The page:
The novel coronavirus outbreak not only poses a threat to public health but also has affected production activity and economic operations. Still, the epidemic's impact on the macroeconomy would be short term.
In China, the epidemic has had an impact on various industries and the overall economy. Globally, the novel coronavirus outbreak has mainly affected countries that have close market and industrial connections with China.
In terms of investment, as a consequence of the outbreak, many large-scale investment projects cannot start to work now, which will affect not only the manufacturing industry, infrastructure construction and real estate investment but also service sectors such as logistics and finance.
In terms of consumption, industries that rely heavily on customer flow, including catering, retail sales, tourism, films, airlines and hotels, may see a sharp decline in business.
And in terms of trade, China's exports of goods and services will decline in the short term because of the temporary closure of enterprises.
Among the three, consumption has been most affected by the epidemic, especially because Spring Festival is also the traditional peak period for retail sales. Since enterprises complete the export orders before Spring Festival and investment projects are suspended during the festival, they would suffer less because of the epidemic.
Also, in the short term, labor-intensive enterprises may find it challenging to increase production due to the epidemic. And small and micro businesses would find it more difficult to get financing until the economic and social order returns to normal. In particular, the lower-income group would suffer the most due to the increase in the prices of commodities and the uncertain job market.
As for the global economy, it will be directly affected, in the short term, if China's economy slows down, simply because the Chinese economy is the second largest in the world and closely connected with global economy.
In the trade and business field, since the United States and many European Union countries import consumer goods from China on a large scale, they too may see an increase in commodity prices.
China is closely connected with many economies including those of the EU, the US and Japan through the global industrial chain. As China is a major processing and manufacturing base for many of these countries' enterprises, the temporary closure of plants in China will disturb the industrial chain of upstream enterprises in those countries, especially in the electronics, information technology and auto industries.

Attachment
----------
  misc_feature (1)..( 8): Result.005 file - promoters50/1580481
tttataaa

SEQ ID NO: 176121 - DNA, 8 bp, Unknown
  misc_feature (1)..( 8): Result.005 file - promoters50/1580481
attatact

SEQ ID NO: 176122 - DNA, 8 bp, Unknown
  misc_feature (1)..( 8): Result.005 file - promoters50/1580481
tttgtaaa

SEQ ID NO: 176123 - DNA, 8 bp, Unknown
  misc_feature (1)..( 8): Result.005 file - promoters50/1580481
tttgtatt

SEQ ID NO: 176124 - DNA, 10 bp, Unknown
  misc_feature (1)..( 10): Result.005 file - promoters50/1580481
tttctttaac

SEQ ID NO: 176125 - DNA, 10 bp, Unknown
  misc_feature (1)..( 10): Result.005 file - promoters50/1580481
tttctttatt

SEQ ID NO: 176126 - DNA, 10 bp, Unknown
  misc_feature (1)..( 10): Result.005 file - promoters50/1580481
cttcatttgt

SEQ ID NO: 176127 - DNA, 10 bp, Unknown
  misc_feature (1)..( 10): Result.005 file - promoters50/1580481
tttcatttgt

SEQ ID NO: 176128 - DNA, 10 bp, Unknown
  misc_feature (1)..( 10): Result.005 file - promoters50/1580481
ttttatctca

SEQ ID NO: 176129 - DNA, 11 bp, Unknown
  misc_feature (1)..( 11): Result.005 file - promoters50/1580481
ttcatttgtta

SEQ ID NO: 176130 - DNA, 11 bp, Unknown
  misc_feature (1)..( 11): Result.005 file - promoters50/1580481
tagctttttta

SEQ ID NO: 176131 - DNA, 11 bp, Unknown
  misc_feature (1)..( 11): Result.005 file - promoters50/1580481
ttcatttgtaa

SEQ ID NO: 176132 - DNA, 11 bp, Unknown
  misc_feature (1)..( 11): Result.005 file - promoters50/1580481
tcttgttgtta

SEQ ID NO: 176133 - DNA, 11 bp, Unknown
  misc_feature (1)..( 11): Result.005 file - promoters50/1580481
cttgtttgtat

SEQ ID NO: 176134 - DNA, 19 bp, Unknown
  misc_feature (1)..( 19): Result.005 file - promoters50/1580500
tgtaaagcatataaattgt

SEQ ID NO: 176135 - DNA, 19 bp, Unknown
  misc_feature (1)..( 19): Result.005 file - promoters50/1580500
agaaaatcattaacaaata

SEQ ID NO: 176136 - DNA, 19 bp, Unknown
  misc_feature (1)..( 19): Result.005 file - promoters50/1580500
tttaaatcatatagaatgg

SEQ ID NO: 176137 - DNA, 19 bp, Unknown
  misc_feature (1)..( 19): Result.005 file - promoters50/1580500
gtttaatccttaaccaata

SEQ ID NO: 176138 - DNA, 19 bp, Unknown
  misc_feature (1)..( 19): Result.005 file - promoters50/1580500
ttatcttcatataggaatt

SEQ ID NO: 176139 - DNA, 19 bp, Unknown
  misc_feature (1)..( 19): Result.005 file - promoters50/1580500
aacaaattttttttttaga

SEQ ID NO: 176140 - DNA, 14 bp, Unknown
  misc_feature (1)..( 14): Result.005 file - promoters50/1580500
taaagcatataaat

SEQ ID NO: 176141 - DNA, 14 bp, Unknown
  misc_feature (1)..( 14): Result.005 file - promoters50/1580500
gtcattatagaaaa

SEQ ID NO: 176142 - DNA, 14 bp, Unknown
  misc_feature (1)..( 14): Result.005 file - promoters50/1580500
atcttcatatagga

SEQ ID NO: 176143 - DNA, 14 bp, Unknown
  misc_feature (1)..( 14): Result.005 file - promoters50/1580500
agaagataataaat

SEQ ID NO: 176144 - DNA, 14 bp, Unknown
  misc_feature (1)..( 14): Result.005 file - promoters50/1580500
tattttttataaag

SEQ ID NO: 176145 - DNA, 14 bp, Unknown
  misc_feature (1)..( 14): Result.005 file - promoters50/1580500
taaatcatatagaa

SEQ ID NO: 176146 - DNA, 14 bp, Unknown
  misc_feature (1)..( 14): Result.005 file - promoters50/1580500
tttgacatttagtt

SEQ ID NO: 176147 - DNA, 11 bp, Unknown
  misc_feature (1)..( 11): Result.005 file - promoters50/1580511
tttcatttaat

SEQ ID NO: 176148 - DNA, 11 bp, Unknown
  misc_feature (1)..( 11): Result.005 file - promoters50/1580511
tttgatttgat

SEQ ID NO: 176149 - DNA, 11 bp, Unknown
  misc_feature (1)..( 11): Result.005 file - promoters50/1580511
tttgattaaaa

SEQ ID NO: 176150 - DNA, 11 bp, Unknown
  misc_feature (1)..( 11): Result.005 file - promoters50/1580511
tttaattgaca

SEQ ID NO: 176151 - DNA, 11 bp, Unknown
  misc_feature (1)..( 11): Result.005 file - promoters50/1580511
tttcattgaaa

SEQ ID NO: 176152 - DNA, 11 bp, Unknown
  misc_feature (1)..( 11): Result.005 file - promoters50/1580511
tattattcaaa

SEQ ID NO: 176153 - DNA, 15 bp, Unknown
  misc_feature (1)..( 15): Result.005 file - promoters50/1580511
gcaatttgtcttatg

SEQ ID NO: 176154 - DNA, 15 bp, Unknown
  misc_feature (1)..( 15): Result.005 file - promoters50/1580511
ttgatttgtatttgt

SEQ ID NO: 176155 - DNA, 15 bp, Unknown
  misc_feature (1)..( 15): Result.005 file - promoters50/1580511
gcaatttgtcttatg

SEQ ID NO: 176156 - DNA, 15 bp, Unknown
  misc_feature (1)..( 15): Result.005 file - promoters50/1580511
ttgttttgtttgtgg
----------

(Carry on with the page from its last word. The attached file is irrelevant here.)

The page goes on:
In addition, foreign enterprises' businesses in China will be affected by the epidemic－in fact, Apple has already suspended its retail stores in China.
Also, some countries have imposed a travel ban on Chinese people and cancelled flights to and from China, which will undermine the flow of personnel and students. And the major overseas tourism destinations of Chinese people including Japan, Thailand and the Republic of Korea will suffer tourism revenue loss.
Since China is a major consumer of energy and other resources, global raw materials and financial markets will also be affected in the short term because of the closure of some Chinese factories due to the epidemic.
But in the long run, the epidemic's impact on the Chinese and global economies will be limited. Besides, the epidemic will not change the strong fundamentals of the Chinese economy which includes a huge domestic market, complete industrial and supply chains, good infrastructure and demographic dividend.
Moreover, unlike some US politicians' claim, manufacturing industries are unlikely to flow back from China to the US, because the cost of moving a complete industrial chain and cultivating industrial supporting capacity would be huge.
If the epidemic is contained by the end of March, China's economy is likely to stabilize by the second quarter of this year, and its impact on this year's economic growth will be minimized. And if more proactive fiscal and monetary policies are implemented to cope with the negative impacts of the epidemic, China can still achieve a GDP growth of 5.5 percent this year.
The author is a researcher at the China Center for International Economic Exchanges. The views don't necessarily represent those of China Daily.